I, too, would rather shop in a store than online. Online is nice, no lines, more selection, and quicker. However, there's just something about standing in Hobby Lobby and being overwhelmed by all the stuff that I like. It's also very hard to shop online for items like markers and paper, even stamps are sometimes bigger/smaller than they look. I don't like to wait for shipping either. I feel bad for all of you who have to drive so far. I'm just 30 minutes from, Hobby Lobby, AC Moore, Michaels, and Joann.
Don't know where you're located in NC, but if it's within driving distance to Winston-Salem, there's an absolutely marvelous store in Lewisville (about 5 mins away from Winston on Hwy 421 N.) It's called "The Enchanted Cottage" and I still remember how I felt when I first stepped into that store: I felt like I'd died and gone to Heaven! At the time I lived over 4 hours away and made a special trip to visit my family in order to visit the store. Now I'm only an hour away and I go by every chance I get. It's a cardmaker's and scrapbooker's dream come true. They have all the "new" stuff, and I could spend hours there... no, wait, I HAVE spent hours there. It is housed in an old mill, and goodies are stashed in every nook and cranny imaginable. The service is superb; I have often had questions, and the staff never hesitate to stop what they're doing, not only helping me find product, but in a lot of cases, show me how to use it. There are so many card design boards hung, with so many terrific ideas, you'll find yourself putting things in your basket you never knew you wanted. And the section with the Memory Box and poppystamp dies... it's to die for (pun intended).

If you're ever able to go, allow yourself extra time. You're gonna need it! The name is perfect because it certainly is "Enchanting."
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Old 01-08-2013, 02:08 AM   #29
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I just realized that this thread is about *my* LSS. Sorry to see them go.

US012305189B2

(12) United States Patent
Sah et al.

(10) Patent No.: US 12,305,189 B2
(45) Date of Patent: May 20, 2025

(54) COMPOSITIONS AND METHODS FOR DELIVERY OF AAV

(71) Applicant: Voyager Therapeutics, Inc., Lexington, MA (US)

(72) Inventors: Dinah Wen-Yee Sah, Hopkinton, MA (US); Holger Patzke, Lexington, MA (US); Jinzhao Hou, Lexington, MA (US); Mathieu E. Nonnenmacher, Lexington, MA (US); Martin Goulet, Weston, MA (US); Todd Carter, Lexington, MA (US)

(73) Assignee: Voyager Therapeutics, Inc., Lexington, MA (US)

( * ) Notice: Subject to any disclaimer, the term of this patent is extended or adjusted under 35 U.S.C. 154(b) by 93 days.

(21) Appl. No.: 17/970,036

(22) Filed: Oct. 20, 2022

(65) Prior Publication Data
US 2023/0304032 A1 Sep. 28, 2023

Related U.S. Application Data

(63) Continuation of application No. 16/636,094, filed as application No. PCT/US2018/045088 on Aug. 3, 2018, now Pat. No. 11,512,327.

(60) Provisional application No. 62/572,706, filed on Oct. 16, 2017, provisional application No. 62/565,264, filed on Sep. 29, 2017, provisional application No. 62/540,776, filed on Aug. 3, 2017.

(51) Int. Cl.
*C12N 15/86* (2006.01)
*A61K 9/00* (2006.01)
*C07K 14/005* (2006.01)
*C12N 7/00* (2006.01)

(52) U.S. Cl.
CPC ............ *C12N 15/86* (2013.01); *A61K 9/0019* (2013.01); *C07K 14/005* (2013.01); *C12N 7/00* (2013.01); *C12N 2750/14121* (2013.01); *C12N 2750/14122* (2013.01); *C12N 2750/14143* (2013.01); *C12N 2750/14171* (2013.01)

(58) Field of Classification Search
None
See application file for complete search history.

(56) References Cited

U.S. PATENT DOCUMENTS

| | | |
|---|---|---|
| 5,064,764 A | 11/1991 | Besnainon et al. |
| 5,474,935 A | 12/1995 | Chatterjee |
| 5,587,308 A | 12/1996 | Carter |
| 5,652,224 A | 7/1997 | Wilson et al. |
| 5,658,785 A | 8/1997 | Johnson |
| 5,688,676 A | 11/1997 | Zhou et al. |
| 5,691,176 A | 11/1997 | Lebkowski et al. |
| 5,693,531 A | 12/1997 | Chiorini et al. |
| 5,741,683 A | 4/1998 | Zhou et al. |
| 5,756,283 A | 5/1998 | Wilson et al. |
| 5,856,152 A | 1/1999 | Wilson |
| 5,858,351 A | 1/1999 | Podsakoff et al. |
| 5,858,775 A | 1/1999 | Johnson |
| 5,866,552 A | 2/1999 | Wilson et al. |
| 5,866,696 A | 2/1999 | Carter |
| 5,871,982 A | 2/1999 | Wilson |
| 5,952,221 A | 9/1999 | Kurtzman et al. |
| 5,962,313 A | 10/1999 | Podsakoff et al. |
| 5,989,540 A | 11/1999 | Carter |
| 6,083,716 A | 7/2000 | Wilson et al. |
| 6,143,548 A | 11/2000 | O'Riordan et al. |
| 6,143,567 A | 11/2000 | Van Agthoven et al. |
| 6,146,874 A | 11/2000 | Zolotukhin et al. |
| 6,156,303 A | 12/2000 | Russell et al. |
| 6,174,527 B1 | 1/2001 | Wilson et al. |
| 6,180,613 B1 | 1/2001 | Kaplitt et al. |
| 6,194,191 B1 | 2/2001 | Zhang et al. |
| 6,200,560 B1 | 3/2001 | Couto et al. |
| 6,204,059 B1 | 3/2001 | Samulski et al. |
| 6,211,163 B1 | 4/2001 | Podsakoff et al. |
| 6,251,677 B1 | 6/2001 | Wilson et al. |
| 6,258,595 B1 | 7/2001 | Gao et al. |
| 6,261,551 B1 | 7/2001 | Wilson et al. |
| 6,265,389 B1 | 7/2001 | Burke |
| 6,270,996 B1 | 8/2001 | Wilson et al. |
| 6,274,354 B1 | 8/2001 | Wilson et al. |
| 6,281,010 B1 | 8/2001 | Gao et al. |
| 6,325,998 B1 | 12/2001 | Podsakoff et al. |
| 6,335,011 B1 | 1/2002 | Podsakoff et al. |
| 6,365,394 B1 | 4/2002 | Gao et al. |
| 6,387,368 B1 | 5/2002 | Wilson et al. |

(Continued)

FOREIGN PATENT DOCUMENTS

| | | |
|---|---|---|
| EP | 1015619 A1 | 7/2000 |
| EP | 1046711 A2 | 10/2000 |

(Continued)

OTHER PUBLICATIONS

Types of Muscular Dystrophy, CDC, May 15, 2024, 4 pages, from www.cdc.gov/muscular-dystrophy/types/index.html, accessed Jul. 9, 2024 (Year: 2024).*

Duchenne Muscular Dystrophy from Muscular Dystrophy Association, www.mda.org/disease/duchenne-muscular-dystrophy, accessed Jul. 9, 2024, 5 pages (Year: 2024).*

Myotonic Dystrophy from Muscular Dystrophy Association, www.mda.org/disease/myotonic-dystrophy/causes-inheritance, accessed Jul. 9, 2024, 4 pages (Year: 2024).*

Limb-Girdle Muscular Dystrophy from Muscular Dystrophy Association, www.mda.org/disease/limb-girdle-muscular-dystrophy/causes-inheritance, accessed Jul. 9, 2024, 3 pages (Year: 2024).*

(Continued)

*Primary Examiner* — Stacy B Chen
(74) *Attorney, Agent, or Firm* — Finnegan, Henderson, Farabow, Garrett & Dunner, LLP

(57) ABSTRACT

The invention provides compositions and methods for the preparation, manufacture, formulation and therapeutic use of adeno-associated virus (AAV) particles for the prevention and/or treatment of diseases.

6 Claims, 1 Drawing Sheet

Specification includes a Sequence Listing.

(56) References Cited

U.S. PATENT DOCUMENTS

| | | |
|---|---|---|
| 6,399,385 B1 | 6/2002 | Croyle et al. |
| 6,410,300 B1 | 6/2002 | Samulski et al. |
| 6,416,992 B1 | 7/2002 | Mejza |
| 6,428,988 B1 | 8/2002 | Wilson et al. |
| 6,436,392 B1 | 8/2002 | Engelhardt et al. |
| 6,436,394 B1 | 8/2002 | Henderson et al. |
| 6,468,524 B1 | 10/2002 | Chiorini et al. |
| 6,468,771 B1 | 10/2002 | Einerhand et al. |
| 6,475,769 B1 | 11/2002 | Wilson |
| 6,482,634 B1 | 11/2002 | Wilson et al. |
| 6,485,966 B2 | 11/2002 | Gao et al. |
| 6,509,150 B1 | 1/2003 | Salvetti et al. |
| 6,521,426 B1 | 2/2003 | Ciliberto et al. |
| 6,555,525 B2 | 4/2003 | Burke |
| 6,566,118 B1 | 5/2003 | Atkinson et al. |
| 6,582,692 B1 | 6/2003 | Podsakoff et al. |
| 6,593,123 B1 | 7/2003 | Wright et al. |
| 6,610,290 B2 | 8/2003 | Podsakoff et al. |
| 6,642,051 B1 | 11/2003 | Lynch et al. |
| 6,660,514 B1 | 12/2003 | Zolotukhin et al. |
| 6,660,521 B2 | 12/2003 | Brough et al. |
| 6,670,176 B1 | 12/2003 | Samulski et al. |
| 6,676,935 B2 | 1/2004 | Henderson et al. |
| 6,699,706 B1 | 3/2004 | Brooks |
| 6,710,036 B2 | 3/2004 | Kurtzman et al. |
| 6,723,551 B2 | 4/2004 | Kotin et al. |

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Old 01-08-2013, 02:04 PM   #30
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We live in a bedroom community out of town and years before the internet I did mail order shopping. Now with gas prices up, etc, I've switched to online shopping. I have limited stores in my area and what box stores I do have are smaller than normal due to city regulations and take months to update or fill in their stock.

We have one scrapbook store in another nearby town, but it's tiny, dark, no stamps, ribbon or paper packs, extremely limited selection of embellishments and the stock is always the same. I buy chipboard there and that's it. She makes her money on scrapbook classes. As a card maker, that doesn't interest me.
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Old 01-08-2013, 02:16 PM   #31
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Originally Posted by uncbballfan View Post
Don't know where you're located in NC, but if it's within driving distance to Winston-Salem, there's an absolutely marvelous store in Lewisville (about 5 mins away from Winston on Hwy 421 N.) It's called "The Enchanted Cottage" and I still remember how I felt when I first stepped into that store: I felt like I'd died and gone to Heaven! At the time I lived over 4 hours away and made a special trip to visit my family in order to visit the store. Now I'm only an hour away and I go by every chance I get. It's a cardmaker's and scrapbooker's dream come true. They have all the "new" stuff, and I could spend hours there... no, wait, I HAVE spent hours there. It is housed in an old mill, and goodies are stashed in every nook and cranny imaginable. The service is superb; I have often had questions, and the staff never hesitate to stop what they're doing, not only helping me find product, but in a lot of cases, show me how to use it. There are so many card design boards hung, with so many terrific ideas, you'll find yourself putting things in your basket you never knew you wanted. And the section with the Memory Box and poppystamp dies... it's to die for (pun intended).